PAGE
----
Coming off of both Grumpy Old Men films, two pictures that still possess elements of escapism and realism, The Odd Couple II doesn't seem to quite hold up in that respect. The film plays like the second sequel to the series, but with more emphasis on screwball situations than conversational banter. I was kind of shocked when I saw writer Neil Simon wrote the film after writing the original picture to be the direct opposite from what this project would turn out to be. This only fuels my thoughts that this film was made for the money rather than the idea that more could be done with Felix and Oscar. The Odd Couple II provides for nice, passing entertainment (and works better than Lemmon and Matthau's previous effort Out to Sea), but it leaves one with the lingering question, "was it really necessary?"
Starring: Jack Lemmon and Walter Matthau. Directed by: Howard Deutch.
These actors are actually more entertaining the older they get but unfortunately they have both died not so R.I.P both of you, they will be missed.
I love this film and is one of the many films I've searched for with them together since I watched the terrific grumpy and grumpier old men. This is a good film because of the chemistry and there characters, the story is decent and the whole theme generally works very well. And I think for the aforementioned reasons that this is actually much better than the first one, good job guys!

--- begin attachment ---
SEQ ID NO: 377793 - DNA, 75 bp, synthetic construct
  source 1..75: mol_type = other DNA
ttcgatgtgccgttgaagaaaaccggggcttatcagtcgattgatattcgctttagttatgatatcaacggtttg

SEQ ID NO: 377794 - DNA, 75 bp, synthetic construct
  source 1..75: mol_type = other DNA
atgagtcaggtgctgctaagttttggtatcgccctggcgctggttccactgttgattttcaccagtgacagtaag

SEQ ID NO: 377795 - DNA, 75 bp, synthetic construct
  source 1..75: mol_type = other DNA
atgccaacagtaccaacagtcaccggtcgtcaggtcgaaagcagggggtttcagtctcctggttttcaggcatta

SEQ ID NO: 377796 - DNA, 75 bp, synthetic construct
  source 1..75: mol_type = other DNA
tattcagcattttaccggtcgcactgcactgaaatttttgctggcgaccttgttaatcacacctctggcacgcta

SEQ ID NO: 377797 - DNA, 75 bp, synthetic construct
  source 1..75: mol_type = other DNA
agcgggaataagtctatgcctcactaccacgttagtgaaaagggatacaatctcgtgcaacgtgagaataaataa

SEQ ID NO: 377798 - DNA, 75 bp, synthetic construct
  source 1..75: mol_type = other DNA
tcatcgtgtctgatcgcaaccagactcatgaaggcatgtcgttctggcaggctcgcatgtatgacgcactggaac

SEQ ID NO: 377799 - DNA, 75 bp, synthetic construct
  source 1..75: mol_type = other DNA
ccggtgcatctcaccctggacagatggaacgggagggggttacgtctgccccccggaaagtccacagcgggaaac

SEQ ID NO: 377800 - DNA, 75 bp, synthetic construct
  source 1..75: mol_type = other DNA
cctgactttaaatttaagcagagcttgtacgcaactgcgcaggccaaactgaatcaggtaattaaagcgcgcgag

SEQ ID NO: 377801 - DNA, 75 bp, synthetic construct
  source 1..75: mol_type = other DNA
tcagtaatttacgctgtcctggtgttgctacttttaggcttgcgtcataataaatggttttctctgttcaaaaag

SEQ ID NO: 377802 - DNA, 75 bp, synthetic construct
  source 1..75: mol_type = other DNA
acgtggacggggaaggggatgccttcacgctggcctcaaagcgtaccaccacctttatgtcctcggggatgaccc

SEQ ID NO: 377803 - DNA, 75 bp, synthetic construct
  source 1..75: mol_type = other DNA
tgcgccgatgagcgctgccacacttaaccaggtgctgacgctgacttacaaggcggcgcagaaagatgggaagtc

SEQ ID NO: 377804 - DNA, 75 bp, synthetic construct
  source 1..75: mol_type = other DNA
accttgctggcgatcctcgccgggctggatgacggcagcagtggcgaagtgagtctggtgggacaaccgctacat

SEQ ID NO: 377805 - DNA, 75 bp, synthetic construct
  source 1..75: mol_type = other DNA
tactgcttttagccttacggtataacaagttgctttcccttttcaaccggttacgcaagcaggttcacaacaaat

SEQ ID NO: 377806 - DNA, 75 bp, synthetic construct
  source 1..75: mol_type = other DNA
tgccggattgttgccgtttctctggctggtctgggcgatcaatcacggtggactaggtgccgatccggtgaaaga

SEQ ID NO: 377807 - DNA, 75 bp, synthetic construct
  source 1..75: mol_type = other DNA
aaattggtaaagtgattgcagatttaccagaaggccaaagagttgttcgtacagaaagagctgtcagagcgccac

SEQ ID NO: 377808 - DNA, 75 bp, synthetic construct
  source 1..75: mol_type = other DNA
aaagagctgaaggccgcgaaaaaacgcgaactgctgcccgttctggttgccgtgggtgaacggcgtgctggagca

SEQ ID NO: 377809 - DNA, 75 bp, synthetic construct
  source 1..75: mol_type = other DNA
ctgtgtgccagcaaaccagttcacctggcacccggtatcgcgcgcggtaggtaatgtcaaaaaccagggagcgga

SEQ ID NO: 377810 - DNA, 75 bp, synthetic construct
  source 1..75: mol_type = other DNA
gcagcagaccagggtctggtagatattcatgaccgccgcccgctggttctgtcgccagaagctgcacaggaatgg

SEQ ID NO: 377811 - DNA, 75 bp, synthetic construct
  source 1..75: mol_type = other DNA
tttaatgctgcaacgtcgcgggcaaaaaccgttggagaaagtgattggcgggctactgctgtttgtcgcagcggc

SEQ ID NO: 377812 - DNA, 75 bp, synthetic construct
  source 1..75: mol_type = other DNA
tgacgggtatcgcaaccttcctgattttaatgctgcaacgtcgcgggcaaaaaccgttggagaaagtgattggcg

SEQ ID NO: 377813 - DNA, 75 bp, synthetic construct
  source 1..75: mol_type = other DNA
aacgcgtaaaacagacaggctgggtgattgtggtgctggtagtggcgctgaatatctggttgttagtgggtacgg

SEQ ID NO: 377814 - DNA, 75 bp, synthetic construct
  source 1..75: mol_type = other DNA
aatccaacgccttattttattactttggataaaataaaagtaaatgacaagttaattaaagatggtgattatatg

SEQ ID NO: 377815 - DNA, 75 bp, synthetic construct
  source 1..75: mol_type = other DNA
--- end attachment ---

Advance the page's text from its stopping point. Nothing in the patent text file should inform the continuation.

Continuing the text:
Oscar is still a Grumpy,Gambling Grouch....and Felix is still a fusspot allergic to everything - and both are reunited as they attempt to get to their Daughter and son's Wedding - but keep getting thwarted time after time by exploding rental cars, an elderly Car driver who dies on them, Redneck Husbands who end up kidnapping them and they end up getting arrested by the same despairing officer.
The Odd Couple 2 was the 10th and Sadly LAST Film to star both Matthau and Lemmon and was a Financial disappointment (It made less than $19M in it's entire U.S Theatrical run) and has been regarded as a mistake by many Critics (Professional and on IMDb)